Friday, August 19, 2011

University of South Carolina Halts Fraternity Recruitment: I'm shocked, SHOCKED, to learn that drinking is going on in college fraternity houses!

What I love is the last line of the article: "USC said sorority recruitment won’t be affected by the decision." Yeah, like girls don't drink. Riiight.

Thursday, August 18, 2011

National Public Radio has an interesting piece on Supplemental Security Income [SSI] benefits for children with severe mental disorders:

To those who believe the federal Supplemental Security Income program for severely disabled children is a lifesaver and not a boondoggle, Hulston Poe is a great example.

The 4-year-old was diagnosed with severe ADHD last October, after more than a year of violent temper tantrums, and kicked out of preschool. Case workers said there wasn't much they could do for him.

"We were at a standstill," says his mother, Suzanne Poe, who was scraping by as a single parent of two in Des Moines, Iowa.

Then doctors recommended that she enroll her son in the SSI program this year, and everything changed. A monthly check of $674 helps pay for Hulston's day care, a private tutor and medicines. Perhaps most importantly, the program made Hulston newly eligible for Medicaid, the joint state-federal health insurance program for the poor. He gained access to the doctors he needed.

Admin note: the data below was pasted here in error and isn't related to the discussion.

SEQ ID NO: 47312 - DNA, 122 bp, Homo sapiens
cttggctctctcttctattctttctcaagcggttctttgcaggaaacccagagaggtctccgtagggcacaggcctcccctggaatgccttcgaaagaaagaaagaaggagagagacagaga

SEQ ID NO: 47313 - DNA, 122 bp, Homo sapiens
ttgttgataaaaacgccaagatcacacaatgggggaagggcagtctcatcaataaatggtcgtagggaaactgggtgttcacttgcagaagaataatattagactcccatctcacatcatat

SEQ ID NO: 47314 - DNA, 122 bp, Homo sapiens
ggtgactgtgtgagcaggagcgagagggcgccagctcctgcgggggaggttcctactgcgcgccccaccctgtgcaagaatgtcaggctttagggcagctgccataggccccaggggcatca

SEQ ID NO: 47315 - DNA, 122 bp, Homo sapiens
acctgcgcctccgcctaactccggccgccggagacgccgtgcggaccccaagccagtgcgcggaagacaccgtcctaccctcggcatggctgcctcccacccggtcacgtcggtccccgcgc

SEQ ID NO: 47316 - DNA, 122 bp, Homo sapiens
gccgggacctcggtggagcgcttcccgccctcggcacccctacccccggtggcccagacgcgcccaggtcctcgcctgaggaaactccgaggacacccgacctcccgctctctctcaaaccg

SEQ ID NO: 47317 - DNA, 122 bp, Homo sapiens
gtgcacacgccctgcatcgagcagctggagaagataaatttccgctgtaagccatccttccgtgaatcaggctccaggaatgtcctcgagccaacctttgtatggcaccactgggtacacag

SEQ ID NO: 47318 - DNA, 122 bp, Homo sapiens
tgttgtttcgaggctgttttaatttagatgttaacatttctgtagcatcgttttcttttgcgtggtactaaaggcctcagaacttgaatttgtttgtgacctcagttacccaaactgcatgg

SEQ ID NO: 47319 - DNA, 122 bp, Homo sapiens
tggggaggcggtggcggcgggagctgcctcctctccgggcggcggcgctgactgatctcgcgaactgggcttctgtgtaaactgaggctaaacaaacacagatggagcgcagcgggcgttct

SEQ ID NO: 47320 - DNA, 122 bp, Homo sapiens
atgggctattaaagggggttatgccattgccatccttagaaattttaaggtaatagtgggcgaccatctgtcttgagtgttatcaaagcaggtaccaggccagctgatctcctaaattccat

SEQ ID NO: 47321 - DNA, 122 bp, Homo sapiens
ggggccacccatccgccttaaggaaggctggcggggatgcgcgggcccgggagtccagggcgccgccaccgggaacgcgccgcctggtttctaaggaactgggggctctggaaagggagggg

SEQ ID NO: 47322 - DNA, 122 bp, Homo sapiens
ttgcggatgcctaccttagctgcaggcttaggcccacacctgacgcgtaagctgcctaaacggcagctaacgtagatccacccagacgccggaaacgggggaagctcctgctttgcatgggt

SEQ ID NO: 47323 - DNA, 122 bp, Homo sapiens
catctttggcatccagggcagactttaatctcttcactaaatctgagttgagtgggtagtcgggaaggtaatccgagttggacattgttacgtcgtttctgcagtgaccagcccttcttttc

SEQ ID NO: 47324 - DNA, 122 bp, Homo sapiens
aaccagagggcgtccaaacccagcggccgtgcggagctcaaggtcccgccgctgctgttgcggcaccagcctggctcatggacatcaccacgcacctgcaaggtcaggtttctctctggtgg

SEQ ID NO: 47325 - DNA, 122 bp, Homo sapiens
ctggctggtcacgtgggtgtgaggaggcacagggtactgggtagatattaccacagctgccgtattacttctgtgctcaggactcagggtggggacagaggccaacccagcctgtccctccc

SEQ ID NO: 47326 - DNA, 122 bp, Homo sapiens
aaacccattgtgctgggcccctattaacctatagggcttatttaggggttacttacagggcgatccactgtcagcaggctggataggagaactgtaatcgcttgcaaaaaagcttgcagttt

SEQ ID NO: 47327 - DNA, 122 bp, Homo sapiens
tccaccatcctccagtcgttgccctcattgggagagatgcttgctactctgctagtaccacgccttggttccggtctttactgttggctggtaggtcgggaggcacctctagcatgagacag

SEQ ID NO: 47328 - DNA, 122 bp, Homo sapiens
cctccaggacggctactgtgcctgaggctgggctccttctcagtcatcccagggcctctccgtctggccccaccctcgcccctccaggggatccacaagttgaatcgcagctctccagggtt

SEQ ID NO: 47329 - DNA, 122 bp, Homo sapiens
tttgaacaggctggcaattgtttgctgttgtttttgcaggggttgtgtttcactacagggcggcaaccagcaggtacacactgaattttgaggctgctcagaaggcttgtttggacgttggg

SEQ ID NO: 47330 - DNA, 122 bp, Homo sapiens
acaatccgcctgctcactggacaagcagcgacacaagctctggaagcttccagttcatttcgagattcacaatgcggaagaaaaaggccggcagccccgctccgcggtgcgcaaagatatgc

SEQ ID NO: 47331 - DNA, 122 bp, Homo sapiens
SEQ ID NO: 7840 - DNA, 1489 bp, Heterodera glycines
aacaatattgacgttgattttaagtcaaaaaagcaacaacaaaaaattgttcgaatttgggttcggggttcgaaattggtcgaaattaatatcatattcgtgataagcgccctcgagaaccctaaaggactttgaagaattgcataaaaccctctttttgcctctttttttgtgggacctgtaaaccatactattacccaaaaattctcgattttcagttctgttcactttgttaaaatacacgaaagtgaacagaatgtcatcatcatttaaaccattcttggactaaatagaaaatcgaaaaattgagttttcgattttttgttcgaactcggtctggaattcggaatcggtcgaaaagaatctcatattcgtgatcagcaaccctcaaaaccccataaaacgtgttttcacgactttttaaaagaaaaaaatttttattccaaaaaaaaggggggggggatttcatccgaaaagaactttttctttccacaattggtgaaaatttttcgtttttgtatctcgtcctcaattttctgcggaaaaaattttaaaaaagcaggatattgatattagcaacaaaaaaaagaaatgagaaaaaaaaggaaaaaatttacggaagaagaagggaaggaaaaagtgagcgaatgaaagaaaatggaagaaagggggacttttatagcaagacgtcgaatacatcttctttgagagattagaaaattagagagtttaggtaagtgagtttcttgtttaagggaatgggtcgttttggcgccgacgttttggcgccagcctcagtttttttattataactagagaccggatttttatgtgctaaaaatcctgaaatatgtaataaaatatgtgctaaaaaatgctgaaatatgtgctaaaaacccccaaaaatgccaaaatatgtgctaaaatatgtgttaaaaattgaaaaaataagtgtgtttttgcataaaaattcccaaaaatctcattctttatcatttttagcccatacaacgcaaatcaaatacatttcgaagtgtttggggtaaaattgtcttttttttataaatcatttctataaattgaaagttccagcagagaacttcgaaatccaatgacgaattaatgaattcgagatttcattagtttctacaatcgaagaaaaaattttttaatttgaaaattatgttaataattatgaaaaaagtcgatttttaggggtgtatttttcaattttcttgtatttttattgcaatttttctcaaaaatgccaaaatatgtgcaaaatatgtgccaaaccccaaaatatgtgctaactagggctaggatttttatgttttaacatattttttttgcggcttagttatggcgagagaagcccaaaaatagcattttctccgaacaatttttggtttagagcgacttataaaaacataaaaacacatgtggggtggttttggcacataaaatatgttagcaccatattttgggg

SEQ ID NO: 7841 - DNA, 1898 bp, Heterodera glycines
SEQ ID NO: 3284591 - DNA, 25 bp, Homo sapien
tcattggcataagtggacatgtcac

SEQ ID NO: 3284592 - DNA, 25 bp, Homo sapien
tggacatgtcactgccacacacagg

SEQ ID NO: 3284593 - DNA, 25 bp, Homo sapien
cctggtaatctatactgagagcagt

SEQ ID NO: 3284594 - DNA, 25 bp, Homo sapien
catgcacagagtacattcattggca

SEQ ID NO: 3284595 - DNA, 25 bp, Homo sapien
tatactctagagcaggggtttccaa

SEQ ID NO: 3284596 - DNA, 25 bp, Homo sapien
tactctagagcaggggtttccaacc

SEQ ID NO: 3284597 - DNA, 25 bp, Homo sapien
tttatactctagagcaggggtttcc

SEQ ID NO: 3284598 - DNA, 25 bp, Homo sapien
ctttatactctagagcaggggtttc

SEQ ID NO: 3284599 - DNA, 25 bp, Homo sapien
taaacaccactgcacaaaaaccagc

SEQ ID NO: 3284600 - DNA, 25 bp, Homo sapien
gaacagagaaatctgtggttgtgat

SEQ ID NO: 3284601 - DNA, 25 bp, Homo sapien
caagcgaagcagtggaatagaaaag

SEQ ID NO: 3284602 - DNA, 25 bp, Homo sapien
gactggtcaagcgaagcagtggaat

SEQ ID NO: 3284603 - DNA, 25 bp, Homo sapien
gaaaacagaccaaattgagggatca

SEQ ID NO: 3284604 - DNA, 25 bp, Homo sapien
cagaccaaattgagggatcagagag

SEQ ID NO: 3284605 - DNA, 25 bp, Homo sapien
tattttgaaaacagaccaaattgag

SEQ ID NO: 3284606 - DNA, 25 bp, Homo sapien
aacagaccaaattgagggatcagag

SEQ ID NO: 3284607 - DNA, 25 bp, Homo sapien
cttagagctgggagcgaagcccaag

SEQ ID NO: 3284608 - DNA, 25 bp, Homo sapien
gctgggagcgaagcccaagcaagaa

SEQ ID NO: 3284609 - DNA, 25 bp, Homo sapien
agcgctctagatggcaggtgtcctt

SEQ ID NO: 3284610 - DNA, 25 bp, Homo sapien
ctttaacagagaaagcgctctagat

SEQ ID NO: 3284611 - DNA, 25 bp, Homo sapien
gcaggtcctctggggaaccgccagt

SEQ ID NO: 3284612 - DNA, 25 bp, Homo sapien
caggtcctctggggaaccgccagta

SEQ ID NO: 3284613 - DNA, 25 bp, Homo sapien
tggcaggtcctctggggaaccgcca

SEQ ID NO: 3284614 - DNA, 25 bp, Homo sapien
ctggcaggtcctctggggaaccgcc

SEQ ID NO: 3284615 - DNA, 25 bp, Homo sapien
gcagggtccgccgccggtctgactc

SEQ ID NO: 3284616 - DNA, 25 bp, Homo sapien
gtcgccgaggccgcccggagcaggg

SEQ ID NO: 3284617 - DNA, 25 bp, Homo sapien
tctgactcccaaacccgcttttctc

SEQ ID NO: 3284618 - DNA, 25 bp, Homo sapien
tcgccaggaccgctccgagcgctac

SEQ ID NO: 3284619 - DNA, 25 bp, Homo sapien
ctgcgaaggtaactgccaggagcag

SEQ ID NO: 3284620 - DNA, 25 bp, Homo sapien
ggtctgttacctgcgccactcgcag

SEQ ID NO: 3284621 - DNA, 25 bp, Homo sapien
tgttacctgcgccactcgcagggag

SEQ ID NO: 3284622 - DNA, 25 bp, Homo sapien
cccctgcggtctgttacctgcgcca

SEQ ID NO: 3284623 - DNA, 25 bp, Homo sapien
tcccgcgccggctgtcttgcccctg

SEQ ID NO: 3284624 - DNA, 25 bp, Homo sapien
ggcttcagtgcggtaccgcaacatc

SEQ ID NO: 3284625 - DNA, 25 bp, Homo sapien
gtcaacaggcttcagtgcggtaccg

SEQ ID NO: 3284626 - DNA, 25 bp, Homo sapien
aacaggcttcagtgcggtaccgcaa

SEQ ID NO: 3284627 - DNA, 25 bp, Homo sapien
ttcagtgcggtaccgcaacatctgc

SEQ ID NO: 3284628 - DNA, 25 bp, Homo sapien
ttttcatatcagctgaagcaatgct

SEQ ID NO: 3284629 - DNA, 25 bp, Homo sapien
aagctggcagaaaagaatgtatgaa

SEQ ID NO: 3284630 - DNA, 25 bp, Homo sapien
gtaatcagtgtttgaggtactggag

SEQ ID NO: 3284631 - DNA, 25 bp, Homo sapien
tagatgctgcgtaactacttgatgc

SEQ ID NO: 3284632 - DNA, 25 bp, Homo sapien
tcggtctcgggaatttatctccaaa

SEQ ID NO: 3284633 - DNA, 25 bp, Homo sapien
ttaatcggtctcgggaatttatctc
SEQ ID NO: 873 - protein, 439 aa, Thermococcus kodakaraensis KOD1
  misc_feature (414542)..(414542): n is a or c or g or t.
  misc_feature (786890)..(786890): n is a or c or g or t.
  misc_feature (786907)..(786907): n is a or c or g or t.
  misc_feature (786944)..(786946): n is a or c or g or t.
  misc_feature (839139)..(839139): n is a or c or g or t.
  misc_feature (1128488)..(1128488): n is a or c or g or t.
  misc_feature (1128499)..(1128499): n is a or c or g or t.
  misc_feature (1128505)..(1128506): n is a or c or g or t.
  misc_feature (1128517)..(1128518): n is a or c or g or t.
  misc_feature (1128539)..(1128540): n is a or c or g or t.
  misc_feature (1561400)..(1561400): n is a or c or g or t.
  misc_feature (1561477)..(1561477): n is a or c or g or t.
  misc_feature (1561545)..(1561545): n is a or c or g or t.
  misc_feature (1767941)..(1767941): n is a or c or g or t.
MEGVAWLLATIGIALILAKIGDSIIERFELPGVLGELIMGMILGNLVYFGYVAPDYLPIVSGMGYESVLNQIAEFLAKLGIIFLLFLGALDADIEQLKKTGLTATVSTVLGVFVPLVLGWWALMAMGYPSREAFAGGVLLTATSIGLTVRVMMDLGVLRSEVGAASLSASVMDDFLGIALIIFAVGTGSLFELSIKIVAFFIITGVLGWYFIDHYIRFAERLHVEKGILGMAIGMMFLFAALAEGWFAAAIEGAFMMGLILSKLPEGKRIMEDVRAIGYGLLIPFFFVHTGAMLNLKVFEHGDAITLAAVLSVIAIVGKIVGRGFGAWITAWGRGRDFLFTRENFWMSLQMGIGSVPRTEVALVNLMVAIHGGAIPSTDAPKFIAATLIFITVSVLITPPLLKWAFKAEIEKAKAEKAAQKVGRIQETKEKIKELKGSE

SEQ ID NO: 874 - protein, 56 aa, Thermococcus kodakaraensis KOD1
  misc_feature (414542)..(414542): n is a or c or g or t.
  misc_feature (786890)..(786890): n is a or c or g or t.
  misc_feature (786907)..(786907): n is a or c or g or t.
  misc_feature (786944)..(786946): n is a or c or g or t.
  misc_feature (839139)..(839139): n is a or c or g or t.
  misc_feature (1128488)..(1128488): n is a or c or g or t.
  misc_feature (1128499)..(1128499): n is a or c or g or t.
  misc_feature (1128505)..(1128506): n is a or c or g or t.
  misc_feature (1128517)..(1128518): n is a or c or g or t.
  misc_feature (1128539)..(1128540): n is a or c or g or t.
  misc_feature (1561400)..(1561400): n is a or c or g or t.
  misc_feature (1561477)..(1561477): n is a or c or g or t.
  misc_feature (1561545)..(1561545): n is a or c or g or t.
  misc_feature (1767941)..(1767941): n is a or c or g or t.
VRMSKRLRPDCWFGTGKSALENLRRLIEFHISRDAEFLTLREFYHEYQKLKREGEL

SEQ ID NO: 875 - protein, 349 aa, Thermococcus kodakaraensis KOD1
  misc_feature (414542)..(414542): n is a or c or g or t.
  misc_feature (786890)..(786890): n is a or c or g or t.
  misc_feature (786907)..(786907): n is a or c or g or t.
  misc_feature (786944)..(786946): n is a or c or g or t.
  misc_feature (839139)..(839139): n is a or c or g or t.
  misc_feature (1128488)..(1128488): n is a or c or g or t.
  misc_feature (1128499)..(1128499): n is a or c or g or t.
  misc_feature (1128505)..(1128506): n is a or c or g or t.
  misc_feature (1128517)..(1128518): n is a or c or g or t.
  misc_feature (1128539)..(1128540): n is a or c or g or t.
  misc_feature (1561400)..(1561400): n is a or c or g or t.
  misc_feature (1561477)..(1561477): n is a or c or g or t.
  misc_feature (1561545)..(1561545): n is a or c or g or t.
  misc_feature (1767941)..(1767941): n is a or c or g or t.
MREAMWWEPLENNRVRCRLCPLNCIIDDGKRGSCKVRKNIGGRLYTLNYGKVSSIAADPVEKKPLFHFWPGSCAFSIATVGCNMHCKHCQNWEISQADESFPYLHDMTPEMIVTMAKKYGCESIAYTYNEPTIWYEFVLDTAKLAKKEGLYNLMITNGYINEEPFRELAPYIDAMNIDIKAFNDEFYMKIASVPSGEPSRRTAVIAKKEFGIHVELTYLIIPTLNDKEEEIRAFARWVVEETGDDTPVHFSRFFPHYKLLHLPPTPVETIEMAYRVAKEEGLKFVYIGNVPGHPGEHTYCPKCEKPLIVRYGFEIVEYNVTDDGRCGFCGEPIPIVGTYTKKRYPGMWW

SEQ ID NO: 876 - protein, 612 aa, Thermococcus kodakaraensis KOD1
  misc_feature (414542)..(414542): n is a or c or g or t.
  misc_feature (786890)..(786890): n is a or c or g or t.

"I can see a light in his eyes again," Poe says. "He just looks so much happier."

Let's hope worthwhile programs like this one don't end up on the cutting block.

Wednesday, August 17, 2011

Man Sentenced To 12 Years For Deadly DUI Crash: This guy lost control, spun out, and collided with another vehicle. The three yearold in his back seat was killed. The moral of the story is: don't drink and drive, especially with a child in your car.

Tuesday, August 16, 2011

Doctors who endorsed Medtronic product got millions. Reading the linked article reveals that some doctors may have received kickbacks -- that's not entirely clear at this point. More troubling, however, is the implication that allowing corporations to conduct their own safety testing is not, and may never have been, a wise procedure:

“Can we accept industry-sponsored studies as the basis to go full bore into the use of a product?” said Dr. Dan M. Spengler of Vanderbilt University. “I’m suggesting probably not, based on our experience here.”

Federal and state government agencies do not have the resources to really keep an eye on these corporations, so the government has relied on them to "self-police." But what about the temptation to buy the results of studies that are supposed to ensure reasonable product safety? Again, the suggestion here is that corporate businesses, which are notoriously amoral -- they're in it for the bucks, and they don't take prisoners -- cannot be trusted to regulate themselves.

Read more about Slovis, Rutherford & Weinstein's personal injury practice and our defective products practice here.